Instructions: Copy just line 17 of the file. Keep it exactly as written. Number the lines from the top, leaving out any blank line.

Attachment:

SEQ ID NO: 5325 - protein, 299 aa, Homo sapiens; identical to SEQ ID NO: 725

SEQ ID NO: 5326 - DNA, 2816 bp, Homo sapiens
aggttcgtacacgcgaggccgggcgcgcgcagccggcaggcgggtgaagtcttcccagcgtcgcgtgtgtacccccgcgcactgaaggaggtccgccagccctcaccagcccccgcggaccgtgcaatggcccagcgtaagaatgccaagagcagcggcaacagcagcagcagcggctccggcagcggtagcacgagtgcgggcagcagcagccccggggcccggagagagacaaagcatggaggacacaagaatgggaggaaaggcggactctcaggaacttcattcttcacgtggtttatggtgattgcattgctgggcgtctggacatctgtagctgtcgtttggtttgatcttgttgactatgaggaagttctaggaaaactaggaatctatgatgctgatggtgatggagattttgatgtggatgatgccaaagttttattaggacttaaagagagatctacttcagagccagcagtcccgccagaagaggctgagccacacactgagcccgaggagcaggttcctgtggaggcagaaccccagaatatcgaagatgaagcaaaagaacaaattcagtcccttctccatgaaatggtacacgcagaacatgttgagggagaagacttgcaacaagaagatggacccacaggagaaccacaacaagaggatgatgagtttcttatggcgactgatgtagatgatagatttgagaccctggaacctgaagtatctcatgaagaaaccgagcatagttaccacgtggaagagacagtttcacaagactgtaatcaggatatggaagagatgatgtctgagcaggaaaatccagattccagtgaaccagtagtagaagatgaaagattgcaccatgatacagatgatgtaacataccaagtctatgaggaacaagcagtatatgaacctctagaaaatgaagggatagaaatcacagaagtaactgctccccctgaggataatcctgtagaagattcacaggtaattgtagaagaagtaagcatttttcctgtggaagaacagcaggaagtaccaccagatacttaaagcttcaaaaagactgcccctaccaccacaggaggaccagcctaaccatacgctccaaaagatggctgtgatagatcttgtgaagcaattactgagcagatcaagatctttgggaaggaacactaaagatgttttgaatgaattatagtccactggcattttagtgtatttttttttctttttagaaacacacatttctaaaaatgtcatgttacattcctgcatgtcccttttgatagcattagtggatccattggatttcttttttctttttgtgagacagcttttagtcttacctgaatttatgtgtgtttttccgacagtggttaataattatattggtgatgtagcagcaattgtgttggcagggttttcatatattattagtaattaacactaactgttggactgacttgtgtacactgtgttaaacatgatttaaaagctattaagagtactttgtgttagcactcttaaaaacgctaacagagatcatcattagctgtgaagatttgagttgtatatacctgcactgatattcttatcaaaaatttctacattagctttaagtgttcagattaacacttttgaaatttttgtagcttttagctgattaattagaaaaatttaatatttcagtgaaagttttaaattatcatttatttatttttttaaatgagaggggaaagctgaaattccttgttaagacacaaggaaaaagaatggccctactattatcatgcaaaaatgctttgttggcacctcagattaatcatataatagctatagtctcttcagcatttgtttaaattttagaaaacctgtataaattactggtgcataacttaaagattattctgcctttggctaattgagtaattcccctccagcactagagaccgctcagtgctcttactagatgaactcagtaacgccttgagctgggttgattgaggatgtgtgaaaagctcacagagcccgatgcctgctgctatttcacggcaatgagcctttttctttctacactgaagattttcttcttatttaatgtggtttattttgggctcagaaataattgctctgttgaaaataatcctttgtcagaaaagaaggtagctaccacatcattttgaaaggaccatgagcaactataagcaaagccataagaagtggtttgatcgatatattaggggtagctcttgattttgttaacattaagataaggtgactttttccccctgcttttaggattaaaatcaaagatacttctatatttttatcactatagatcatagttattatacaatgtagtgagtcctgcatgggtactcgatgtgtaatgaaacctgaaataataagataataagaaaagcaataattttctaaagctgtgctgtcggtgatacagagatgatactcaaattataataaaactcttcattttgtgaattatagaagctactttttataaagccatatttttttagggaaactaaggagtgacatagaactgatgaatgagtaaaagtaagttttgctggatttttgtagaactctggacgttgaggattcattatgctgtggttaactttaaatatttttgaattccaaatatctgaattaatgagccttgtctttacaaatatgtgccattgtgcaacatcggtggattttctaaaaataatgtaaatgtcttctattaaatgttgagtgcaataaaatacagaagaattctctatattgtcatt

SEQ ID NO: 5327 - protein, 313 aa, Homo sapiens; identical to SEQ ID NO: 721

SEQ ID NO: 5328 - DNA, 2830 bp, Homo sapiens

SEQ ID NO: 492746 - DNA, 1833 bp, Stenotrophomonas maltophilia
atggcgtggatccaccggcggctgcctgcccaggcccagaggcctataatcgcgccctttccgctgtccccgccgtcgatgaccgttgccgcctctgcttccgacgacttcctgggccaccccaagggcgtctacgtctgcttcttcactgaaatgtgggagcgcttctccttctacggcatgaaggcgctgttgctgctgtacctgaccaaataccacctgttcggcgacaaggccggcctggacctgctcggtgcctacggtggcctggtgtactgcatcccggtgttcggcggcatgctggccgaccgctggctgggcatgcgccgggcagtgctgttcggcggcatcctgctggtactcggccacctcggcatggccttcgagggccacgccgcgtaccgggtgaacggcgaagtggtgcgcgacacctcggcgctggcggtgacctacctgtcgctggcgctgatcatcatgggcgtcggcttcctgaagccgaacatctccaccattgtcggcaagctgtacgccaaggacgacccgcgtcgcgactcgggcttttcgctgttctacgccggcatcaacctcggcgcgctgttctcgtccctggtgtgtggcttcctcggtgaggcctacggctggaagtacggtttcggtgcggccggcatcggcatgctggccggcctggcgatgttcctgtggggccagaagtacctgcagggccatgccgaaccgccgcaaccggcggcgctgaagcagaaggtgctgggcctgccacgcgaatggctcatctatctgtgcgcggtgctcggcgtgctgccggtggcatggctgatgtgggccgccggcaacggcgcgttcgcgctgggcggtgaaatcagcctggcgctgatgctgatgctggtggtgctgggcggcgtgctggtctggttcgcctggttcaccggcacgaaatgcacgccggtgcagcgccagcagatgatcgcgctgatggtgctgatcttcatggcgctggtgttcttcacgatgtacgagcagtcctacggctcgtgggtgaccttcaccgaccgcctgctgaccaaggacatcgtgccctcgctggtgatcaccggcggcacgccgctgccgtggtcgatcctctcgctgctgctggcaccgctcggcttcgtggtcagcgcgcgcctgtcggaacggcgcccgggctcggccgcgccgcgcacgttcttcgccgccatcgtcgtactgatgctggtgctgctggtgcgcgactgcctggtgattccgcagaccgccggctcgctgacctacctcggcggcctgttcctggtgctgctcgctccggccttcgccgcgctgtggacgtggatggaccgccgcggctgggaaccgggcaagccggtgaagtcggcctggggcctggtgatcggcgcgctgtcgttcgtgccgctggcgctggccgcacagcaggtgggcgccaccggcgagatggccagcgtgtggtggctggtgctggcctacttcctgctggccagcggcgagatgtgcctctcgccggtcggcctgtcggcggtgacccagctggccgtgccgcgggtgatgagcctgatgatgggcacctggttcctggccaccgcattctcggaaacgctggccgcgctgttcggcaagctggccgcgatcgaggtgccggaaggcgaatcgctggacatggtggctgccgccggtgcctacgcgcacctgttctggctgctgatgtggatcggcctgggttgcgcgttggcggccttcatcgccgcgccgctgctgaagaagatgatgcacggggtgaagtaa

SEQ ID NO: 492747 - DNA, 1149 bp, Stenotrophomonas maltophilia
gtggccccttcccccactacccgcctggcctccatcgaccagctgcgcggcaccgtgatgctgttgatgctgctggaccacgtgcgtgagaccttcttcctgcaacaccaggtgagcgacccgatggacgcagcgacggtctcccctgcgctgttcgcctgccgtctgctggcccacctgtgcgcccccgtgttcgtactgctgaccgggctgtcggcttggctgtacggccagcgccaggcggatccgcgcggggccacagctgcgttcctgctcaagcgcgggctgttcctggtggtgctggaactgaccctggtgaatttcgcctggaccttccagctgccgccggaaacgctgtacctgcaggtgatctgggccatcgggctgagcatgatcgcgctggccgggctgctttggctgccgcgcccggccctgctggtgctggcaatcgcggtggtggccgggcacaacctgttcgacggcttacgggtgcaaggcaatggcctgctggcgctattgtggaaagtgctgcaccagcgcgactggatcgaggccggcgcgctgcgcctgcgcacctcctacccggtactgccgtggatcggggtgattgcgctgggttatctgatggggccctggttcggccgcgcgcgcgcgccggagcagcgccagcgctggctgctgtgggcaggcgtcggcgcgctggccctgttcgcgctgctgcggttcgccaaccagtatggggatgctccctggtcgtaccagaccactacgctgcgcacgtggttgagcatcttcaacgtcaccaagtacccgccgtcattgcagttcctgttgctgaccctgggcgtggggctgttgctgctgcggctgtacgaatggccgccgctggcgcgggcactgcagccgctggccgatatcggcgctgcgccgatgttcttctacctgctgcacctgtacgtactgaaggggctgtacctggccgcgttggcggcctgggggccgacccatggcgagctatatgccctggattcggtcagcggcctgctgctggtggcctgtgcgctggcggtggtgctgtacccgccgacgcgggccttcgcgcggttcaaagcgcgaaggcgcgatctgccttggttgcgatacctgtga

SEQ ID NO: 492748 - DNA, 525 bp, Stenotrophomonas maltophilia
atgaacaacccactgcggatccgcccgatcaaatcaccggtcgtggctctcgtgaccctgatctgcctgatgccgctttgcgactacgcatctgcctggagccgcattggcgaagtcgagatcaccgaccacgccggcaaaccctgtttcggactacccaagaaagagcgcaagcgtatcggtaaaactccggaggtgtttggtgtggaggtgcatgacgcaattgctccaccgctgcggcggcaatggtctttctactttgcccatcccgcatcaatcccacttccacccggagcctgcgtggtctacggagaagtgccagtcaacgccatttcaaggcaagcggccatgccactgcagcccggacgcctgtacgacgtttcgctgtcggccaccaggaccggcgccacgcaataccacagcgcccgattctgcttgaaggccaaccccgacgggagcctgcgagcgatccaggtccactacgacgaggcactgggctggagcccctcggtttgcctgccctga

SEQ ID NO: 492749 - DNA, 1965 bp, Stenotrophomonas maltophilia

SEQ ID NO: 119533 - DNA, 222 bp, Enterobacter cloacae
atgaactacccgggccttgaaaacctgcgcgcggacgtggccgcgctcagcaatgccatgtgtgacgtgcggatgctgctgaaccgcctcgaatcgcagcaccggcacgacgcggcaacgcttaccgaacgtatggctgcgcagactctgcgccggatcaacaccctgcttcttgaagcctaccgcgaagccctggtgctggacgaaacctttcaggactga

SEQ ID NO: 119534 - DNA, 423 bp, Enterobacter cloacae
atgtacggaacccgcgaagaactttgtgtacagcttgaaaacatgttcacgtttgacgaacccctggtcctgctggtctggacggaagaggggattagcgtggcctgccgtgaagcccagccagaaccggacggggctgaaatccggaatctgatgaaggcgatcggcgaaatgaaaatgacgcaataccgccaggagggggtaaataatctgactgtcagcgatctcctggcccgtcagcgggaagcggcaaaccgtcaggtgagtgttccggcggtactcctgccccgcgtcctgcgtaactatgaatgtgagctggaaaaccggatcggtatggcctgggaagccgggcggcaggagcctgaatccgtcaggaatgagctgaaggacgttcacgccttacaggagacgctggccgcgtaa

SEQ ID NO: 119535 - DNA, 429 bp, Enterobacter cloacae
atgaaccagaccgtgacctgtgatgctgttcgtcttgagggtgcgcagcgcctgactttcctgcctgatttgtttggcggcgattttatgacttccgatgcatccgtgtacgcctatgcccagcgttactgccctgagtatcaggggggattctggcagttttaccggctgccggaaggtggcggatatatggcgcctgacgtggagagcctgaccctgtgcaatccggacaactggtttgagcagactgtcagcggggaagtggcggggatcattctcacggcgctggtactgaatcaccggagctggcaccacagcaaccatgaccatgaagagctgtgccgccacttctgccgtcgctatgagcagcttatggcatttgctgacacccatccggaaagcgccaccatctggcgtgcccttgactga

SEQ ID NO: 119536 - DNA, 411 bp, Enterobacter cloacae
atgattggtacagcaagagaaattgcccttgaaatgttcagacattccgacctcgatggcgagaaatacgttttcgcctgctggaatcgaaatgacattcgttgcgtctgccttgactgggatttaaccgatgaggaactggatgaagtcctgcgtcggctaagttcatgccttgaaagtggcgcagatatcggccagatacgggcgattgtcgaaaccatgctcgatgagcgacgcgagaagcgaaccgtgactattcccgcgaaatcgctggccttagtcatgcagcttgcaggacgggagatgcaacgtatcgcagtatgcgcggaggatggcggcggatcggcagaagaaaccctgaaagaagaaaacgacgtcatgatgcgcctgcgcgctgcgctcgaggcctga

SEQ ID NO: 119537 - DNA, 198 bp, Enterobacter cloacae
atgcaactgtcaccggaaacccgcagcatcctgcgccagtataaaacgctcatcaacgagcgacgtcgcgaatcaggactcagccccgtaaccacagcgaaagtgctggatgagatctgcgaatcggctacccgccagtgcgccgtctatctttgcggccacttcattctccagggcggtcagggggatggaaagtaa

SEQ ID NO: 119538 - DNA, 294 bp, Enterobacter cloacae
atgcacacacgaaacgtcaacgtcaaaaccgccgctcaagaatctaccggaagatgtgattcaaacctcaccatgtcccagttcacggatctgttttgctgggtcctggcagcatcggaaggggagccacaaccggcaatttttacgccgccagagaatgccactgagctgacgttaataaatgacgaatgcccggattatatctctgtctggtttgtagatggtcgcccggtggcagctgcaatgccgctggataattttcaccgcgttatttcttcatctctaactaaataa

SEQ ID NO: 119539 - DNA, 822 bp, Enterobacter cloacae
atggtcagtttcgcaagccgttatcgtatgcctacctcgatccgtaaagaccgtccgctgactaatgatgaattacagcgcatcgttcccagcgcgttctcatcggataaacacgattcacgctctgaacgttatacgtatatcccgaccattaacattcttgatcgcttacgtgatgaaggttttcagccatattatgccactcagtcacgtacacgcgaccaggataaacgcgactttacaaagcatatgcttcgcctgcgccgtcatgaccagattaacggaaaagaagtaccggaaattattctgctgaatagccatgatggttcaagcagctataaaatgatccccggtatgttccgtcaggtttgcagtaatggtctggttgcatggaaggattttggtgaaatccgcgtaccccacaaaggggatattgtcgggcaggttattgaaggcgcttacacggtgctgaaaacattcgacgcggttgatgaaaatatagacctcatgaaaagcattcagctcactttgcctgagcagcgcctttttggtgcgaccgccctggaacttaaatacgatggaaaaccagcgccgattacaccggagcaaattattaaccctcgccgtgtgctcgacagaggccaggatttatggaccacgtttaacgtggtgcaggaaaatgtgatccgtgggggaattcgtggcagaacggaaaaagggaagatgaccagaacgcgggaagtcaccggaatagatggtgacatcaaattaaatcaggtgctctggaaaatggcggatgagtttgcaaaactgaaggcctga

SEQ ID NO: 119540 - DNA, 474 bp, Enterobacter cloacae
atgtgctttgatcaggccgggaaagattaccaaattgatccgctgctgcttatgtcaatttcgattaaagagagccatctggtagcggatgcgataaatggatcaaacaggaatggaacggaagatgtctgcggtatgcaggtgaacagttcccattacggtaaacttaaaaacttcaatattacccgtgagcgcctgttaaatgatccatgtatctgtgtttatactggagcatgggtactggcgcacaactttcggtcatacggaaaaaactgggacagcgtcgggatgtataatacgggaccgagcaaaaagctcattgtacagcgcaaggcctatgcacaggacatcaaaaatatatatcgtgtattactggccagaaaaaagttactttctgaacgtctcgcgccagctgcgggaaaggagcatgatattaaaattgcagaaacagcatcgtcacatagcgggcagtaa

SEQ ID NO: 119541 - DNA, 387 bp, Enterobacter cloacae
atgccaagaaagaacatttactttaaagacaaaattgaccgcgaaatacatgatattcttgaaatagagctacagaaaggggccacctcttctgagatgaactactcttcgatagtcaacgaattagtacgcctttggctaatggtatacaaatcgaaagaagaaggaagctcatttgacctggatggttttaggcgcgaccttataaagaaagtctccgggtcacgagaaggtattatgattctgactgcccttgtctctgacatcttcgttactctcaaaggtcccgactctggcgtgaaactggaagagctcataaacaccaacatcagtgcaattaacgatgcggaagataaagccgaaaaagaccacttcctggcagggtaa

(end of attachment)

SEQ ID NO: 119535 - DNA, 429 bp, Enterobacter cloacae